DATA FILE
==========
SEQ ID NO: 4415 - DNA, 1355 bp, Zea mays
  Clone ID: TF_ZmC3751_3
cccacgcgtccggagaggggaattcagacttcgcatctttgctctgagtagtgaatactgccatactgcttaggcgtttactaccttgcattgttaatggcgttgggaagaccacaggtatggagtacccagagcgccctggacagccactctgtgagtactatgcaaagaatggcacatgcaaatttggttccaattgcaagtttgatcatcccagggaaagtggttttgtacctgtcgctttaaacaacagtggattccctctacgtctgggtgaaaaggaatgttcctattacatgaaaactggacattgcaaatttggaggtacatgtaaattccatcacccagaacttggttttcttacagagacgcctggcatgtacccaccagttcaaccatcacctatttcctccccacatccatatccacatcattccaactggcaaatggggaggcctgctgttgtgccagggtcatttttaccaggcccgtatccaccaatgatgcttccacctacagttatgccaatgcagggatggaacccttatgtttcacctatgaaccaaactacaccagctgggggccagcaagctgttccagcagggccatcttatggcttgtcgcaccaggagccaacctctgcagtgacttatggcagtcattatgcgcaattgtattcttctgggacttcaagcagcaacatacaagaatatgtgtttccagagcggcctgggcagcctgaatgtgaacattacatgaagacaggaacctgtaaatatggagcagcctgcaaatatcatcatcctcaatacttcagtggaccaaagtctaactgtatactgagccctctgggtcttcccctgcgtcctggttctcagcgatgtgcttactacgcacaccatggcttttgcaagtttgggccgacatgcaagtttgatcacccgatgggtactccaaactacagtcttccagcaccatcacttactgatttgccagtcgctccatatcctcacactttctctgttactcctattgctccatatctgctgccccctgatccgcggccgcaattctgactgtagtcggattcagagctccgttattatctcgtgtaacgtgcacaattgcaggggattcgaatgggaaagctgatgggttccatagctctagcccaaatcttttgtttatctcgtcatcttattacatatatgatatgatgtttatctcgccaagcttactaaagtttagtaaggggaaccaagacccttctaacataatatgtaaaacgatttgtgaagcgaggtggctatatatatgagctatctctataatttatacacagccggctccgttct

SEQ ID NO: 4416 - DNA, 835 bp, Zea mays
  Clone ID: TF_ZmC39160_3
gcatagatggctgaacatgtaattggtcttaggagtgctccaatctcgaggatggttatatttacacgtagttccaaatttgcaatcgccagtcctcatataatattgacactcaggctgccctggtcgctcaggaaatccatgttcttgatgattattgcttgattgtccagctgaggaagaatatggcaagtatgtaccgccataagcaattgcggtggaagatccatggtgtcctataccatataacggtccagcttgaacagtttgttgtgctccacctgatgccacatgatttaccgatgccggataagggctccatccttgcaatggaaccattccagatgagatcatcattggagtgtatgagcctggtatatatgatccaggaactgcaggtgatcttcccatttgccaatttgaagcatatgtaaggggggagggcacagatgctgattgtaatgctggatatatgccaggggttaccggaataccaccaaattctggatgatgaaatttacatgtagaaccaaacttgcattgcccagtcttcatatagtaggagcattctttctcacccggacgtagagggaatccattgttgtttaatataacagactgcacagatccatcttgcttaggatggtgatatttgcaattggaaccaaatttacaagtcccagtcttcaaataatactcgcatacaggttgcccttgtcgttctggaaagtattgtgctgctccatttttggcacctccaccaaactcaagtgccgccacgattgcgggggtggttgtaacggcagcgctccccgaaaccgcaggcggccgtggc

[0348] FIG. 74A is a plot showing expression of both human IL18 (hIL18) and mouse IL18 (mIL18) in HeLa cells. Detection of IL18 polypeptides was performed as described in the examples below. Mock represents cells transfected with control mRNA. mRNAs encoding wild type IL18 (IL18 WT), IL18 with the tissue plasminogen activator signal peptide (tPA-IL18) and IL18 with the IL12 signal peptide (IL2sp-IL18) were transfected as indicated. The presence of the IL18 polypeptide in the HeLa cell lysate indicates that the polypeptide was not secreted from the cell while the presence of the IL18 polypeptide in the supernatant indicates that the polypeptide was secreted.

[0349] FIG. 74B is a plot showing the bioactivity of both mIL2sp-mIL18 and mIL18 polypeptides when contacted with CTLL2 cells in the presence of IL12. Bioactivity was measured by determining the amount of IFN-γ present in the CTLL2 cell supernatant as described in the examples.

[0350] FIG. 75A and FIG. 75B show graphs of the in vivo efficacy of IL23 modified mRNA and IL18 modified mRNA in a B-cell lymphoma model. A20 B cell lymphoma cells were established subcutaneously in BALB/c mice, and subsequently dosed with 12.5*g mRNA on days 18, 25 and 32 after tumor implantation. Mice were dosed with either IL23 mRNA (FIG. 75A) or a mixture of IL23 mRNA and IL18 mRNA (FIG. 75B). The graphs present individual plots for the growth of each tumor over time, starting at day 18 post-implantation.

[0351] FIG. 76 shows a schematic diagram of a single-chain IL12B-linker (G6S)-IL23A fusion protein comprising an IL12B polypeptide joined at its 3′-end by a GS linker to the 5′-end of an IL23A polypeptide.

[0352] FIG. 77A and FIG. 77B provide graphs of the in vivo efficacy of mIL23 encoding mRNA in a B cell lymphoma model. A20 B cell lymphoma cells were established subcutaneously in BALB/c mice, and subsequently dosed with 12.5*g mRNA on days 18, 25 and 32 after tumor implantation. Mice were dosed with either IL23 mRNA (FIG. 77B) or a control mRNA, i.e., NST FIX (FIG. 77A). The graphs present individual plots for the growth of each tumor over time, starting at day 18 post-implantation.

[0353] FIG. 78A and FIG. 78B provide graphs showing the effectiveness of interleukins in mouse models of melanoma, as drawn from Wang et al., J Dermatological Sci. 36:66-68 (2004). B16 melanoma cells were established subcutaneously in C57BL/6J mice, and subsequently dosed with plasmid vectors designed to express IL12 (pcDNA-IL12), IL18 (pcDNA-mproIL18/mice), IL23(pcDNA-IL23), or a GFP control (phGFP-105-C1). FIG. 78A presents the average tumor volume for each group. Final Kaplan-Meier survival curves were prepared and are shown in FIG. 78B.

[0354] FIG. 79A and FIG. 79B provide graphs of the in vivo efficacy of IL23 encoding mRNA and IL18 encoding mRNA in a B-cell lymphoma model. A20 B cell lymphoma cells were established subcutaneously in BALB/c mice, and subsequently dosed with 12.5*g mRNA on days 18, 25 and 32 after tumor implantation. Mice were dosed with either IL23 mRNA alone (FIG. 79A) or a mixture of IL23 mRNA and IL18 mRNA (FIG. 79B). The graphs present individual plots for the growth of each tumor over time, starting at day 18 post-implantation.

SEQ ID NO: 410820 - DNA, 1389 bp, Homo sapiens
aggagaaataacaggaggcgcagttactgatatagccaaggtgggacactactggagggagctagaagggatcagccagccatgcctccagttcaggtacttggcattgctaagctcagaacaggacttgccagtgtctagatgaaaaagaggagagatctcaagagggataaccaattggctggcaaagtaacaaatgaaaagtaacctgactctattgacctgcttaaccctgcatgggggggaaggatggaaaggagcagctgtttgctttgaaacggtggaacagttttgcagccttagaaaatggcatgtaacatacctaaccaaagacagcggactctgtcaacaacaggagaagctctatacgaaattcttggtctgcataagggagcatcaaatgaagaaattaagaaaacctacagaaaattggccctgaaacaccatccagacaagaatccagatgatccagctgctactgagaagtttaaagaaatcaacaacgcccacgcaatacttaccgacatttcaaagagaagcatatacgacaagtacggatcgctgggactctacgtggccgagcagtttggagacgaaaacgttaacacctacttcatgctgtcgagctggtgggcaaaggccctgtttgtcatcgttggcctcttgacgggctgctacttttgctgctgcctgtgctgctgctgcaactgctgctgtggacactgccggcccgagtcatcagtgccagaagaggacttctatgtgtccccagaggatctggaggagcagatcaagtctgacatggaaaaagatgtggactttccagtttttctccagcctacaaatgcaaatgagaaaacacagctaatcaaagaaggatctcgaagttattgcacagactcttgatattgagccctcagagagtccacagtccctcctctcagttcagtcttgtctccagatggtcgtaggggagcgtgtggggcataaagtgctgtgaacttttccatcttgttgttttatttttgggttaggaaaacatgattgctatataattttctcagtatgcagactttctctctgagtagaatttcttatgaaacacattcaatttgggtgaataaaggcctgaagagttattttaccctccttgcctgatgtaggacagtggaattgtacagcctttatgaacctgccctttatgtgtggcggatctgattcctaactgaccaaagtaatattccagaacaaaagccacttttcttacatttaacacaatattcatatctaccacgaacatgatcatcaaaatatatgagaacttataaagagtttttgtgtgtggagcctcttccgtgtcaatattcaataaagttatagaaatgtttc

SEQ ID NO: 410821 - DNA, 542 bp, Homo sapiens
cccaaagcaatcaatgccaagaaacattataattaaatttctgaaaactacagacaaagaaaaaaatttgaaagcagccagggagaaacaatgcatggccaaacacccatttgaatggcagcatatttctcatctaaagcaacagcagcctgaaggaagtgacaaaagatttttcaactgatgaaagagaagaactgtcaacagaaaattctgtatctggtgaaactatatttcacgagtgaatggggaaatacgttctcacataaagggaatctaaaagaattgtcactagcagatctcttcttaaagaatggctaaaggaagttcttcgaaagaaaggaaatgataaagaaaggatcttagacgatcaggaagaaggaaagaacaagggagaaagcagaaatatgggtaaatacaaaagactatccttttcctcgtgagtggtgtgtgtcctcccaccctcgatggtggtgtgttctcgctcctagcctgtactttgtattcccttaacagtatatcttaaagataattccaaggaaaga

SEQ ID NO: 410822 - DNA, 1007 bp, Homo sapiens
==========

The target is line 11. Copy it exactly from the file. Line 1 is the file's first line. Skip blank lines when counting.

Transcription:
[0352] FIG. 77A and FIG. 77B provide graphs of the in vivo efficacy of mIL23 encoding mRNA in a B cell lymphoma model. A20 B cell lymphoma cells were established subcutaneously in BALB/c mice, and subsequently dosed with 12.5*g mRNA on days 18, 25 and 32 after tumor implantation. Mice were dosed with either IL23 mRNA (FIG. 77B) or a control mRNA, i.e., NST FIX (FIG. 77A). The graphs present individual plots for the growth of each tumor over time, starting at day 18 post-implantation.